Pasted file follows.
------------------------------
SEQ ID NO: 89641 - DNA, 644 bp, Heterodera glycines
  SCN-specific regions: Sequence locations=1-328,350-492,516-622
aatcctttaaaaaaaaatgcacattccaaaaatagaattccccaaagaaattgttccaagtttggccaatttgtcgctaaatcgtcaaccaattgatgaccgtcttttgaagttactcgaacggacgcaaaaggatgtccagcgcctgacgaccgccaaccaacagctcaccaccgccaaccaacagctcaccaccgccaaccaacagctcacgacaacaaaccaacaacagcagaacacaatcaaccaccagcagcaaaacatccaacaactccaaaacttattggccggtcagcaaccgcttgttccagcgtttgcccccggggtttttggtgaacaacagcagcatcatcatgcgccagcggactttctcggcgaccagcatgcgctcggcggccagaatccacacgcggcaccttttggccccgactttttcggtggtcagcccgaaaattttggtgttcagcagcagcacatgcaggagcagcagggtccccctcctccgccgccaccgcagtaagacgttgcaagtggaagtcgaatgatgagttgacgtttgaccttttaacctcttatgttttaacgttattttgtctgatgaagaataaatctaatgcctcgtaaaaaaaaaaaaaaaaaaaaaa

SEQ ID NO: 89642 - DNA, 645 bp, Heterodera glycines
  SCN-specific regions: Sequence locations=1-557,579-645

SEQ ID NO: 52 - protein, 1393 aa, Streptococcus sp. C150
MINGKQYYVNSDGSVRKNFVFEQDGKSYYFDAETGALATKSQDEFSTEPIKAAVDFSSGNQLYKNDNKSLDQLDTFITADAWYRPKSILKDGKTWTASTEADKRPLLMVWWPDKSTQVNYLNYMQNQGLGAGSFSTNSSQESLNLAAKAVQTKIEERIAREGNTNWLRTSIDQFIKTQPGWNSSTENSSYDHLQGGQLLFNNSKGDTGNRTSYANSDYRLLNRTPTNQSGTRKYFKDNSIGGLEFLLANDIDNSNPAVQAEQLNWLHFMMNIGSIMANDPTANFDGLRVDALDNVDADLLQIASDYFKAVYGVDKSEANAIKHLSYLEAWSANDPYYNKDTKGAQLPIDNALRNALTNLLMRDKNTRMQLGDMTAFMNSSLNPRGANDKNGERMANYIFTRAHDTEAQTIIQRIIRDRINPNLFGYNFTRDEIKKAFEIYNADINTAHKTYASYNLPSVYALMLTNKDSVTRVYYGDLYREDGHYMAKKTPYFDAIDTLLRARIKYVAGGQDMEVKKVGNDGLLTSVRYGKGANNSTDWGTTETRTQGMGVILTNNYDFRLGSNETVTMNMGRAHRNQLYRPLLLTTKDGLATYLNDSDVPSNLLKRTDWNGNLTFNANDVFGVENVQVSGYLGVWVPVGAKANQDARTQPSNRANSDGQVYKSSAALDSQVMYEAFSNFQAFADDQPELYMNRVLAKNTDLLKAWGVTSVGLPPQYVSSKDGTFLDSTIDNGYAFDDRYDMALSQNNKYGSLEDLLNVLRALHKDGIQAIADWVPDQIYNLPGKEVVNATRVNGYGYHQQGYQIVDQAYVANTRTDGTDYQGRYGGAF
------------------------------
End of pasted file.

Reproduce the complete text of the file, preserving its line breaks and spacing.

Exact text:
SEQ ID NO: 89641 - DNA, 644 bp, Heterodera glycines
  SCN-specific regions: Sequence locations=1-328,350-492,516-622
aatcctttaaaaaaaaatgcacattccaaaaatagaattccccaaagaaattgttccaagtttggccaatttgtcgctaaatcgtcaaccaattgatgaccgtcttttgaagttactcgaacggacgcaaaaggatgtccagcgcctgacgaccgccaaccaacagctcaccaccgccaaccaacagctcaccaccgccaaccaacagctcacgacaacaaaccaacaacagcagaacacaatcaaccaccagcagcaaaacatccaacaactccaaaacttattggccggtcagcaaccgcttgttccagcgtttgcccccggggtttttggtgaacaacagcagcatcatcatgcgccagcggactttctcggcgaccagcatgcgctcggcggccagaatccacacgcggcaccttttggccccgactttttcggtggtcagcccgaaaattttggtgttcagcagcagcacatgcaggagcagcagggtccccctcctccgccgccaccgcagtaagacgttgcaagtggaagtcgaatgatgagttgacgtttgaccttttaacctcttatgttttaacgttattttgtctgatgaagaataaatctaatgcctcgtaaaaaaaaaaaaaaaaaaaaaa

SEQ ID NO: 89642 - DNA, 645 bp, Heterodera glycines
  SCN-specific regions: Sequence locations=1-557,579-645

SEQ ID NO: 52 - protein, 1393 aa, Streptococcus sp. C150
MINGKQYYVNSDGSVRKNFVFEQDGKSYYFDAETGALATKSQDEFSTEPIKAAVDFSSGNQLYKNDNKSLDQLDTFITADAWYRPKSILKDGKTWTASTEADKRPLLMVWWPDKSTQVNYLNYMQNQGLGAGSFSTNSSQESLNLAAKAVQTKIEERIAREGNTNWLRTSIDQFIKTQPGWNSSTENSSYDHLQGGQLLFNNSKGDTGNRTSYANSDYRLLNRTPTNQSGTRKYFKDNSIGGLEFLLANDIDNSNPAVQAEQLNWLHFMMNIGSIMANDPTANFDGLRVDALDNVDADLLQIASDYFKAVYGVDKSEANAIKHLSYLEAWSANDPYYNKDTKGAQLPIDNALRNALTNLLMRDKNTRMQLGDMTAFMNSSLNPRGANDKNGERMANYIFTRAHDTEAQTIIQRIIRDRINPNLFGYNFTRDEIKKAFEIYNADINTAHKTYASYNLPSVYALMLTNKDSVTRVYYGDLYREDGHYMAKKTPYFDAIDTLLRARIKYVAGGQDMEVKKVGNDGLLTSVRYGKGANNSTDWGTTETRTQGMGVILTNNYDFRLGSNETVTMNMGRAHRNQLYRPLLLTTKDGLATYLNDSDVPSNLLKRTDWNGNLTFNANDVFGVENVQVSGYLGVWVPVGAKANQDARTQPSNRANSDGQVYKSSAALDSQVMYEAFSNFQAFADDQPELYMNRVLAKNTDLLKAWGVTSVGLPPQYVSSKDGTFLDSTIDNGYAFDDRYDMALSQNNKYGSLEDLLNVLRALHKDGIQAIADWVPDQIYNLPGKEVVNATRVNGYGYHQQGYQIVDQAYVANTRTDGTDYQGRYGGAF